Significant Changes to the Turkish Personal Data Protection Law

12 March 2024
Kerem Turunç
1946

The Turkish Parliament has recently enacted significant amendments (the “Amendments”) to the Turkish Personal Data Protection Law (“PDPL”). We present below a summary of these Amendments, which will enter into force on June 1, 2024.

1. Processing of Sensitive Personal Data[1]

1.1 Current Legislation

According to the current legislation (PDPL article 6), sensitive personal data cannot, as a rule, be processed without the data subject’s explicit consent. However, sensitive personal data can be processed without the explicit consent of the data subject in cases where:

– the processing of sensitive personal data (except for health and sexual life data) is permitted by applicable law; or

– the data subject’s health and sexual life data is processed with limited purposes and by persons who are under the obligation of confidentiality, or by authorized institutions and organizations.

1.2 Amendments

With the Amendments, the conditions for processing sensitive personal data, therefore article 6 of the PDPL, were amended to comprise the following cases:

– where the data subject has given explicit consent for the processing of sensitive personal data;

– processing of sensitive personal data, including health and sexual life data, is permitted by applicable law;

– processing of sensitive personal data is necessary to protect the life or body integrity of persons who cannot express their consent due to physical impossibility or whose consent is not legally valid;

– processing of sensitive personal data relates to data made public by the data subject and the processing is consistent with subject’s intention to make the data public;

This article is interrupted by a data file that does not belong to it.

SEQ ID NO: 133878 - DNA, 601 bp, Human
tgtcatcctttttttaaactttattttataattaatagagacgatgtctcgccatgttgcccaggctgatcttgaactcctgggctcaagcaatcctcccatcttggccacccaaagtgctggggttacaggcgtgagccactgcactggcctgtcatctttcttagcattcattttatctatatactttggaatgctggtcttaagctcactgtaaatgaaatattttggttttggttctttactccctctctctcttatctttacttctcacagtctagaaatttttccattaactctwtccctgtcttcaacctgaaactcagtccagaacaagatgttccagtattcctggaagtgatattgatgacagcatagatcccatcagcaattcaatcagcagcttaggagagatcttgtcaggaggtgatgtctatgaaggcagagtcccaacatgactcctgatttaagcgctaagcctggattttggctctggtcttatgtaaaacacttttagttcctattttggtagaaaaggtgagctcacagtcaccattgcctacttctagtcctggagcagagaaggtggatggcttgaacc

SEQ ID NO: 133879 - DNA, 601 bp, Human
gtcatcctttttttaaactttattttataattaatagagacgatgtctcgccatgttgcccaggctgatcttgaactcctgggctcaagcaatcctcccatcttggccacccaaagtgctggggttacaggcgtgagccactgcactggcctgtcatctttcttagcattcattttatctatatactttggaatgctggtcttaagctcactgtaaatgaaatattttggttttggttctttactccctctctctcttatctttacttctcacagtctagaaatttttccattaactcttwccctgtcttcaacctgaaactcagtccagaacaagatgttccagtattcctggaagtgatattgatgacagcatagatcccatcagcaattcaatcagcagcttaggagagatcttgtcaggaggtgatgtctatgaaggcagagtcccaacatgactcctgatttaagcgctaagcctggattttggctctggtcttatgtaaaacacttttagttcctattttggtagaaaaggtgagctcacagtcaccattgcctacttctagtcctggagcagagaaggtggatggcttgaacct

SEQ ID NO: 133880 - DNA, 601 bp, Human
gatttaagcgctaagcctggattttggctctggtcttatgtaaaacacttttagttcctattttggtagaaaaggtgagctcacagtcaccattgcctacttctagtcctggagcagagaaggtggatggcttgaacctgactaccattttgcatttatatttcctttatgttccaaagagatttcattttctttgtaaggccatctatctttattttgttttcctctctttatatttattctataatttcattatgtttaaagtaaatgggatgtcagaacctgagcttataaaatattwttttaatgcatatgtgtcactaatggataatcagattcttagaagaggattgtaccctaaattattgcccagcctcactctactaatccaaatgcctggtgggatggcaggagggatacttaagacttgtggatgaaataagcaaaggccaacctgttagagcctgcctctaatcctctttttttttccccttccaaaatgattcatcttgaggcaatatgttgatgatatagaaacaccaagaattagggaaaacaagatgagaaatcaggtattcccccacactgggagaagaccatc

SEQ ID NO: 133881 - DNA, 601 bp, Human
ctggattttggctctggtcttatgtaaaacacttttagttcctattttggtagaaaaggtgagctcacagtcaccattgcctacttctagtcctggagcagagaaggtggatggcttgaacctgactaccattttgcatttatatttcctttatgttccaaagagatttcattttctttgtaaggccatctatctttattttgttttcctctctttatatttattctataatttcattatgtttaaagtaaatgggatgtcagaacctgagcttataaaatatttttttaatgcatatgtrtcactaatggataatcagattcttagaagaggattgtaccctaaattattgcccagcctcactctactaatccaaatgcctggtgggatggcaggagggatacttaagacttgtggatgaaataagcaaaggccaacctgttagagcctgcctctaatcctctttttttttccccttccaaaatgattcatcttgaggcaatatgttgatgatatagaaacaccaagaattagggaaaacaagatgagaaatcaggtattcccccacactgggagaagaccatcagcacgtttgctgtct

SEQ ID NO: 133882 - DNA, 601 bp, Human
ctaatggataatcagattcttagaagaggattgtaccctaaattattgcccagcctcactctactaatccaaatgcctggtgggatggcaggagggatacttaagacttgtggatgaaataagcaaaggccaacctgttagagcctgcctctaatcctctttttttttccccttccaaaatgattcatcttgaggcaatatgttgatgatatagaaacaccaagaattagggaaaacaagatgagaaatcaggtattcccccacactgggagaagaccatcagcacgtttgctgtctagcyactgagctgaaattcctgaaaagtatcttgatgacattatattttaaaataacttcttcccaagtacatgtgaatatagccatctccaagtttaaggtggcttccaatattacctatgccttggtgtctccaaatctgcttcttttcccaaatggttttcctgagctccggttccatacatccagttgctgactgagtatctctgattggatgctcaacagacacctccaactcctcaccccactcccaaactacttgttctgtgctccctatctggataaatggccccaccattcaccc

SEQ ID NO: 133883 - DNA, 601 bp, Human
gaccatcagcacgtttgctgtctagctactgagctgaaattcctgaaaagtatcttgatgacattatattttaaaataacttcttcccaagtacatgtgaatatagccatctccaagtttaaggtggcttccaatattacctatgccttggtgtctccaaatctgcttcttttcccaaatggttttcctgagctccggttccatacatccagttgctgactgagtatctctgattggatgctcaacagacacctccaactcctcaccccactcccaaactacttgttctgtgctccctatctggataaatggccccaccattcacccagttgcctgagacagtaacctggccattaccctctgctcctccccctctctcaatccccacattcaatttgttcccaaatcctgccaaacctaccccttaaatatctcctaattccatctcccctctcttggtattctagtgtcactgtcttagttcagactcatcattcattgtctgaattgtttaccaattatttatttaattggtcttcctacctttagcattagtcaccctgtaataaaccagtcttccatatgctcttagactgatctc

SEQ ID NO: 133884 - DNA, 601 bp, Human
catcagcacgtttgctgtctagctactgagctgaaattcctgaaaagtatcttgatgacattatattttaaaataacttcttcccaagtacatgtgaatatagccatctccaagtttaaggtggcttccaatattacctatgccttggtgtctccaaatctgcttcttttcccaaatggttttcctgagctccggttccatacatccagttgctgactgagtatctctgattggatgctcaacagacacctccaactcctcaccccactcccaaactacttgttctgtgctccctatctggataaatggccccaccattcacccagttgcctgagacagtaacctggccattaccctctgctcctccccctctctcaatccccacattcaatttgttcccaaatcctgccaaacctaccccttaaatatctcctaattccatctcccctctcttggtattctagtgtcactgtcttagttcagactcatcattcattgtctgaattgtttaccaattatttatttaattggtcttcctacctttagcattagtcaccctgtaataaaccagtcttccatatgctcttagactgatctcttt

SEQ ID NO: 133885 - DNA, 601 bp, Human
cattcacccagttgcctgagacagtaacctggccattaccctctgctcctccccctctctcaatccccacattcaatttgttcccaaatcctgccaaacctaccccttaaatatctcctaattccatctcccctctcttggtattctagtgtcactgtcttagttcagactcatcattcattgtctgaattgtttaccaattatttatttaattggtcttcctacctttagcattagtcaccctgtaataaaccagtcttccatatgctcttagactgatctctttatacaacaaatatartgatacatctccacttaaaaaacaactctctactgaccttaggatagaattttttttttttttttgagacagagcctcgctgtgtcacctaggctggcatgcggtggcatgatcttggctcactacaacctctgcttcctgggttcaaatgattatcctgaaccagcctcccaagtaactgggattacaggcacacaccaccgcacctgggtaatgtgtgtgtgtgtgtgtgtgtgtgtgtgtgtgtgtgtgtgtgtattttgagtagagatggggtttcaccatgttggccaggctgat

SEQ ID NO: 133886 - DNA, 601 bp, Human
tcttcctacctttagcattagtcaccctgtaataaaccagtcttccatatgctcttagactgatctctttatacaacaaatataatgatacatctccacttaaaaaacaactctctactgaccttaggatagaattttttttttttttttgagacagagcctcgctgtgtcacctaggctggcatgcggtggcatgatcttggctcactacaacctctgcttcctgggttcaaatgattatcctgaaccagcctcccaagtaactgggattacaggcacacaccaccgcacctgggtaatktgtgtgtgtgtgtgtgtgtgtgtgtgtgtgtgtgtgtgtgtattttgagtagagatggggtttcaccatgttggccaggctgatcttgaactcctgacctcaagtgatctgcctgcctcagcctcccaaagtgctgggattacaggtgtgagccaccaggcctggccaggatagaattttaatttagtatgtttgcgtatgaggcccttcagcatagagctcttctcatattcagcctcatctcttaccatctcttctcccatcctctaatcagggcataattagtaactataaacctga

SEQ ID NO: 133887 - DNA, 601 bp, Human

– processing of sensitive personal data is necessary for the establishment, exercise or protection of a right;

– processing of sensitive personal data by persons who are under the obligation of confidentiality, or by authorized institutions and organizations is necessary for the protection of public health, preventative medicine, medical diagnosis, the delivery of treatment and care, and the planning, management and finance of healthcare services;

– processing of sensitive personal data is compulsory to fulfill legal obligations regarding employment, occupational health and safety, social security, social services, or social aid; and

– processing of sensitive personal data is undertaken by foundations, associations and other non-profit organizations or entities established for political, philosophical, religious or union purposes with respect to their current or former members, or persons who are in regular contact with these organizations and entities, where the processing complies with applicable law and their purposes, is limited to their fields of activity and is not disclosed to third parties.

With the Amendments, the processing of the sensitive personal data of employees for employment, occupational health and safety purposes will be feasible.

2. Transfer of Personal Data Abroad

2.1 Current Legislation

Pursuant to the PDPL’s current provisions, transferring of personal data abroad is permitted in the following cases:

– where the data subject has given explicit consent;

– one of the lawful grounds listed in article 5/2[2] or article 6/3 [3] of the PDPL is met and the country where personal data will be transferred has adequate protection for personal data;

– in cases where there is no adequate protection, the data controller in Turkey and the relevant foreign country undertake to provide adequate protection in writing, and the transfer is approved by the Personal Data Protection Board (“Board”); or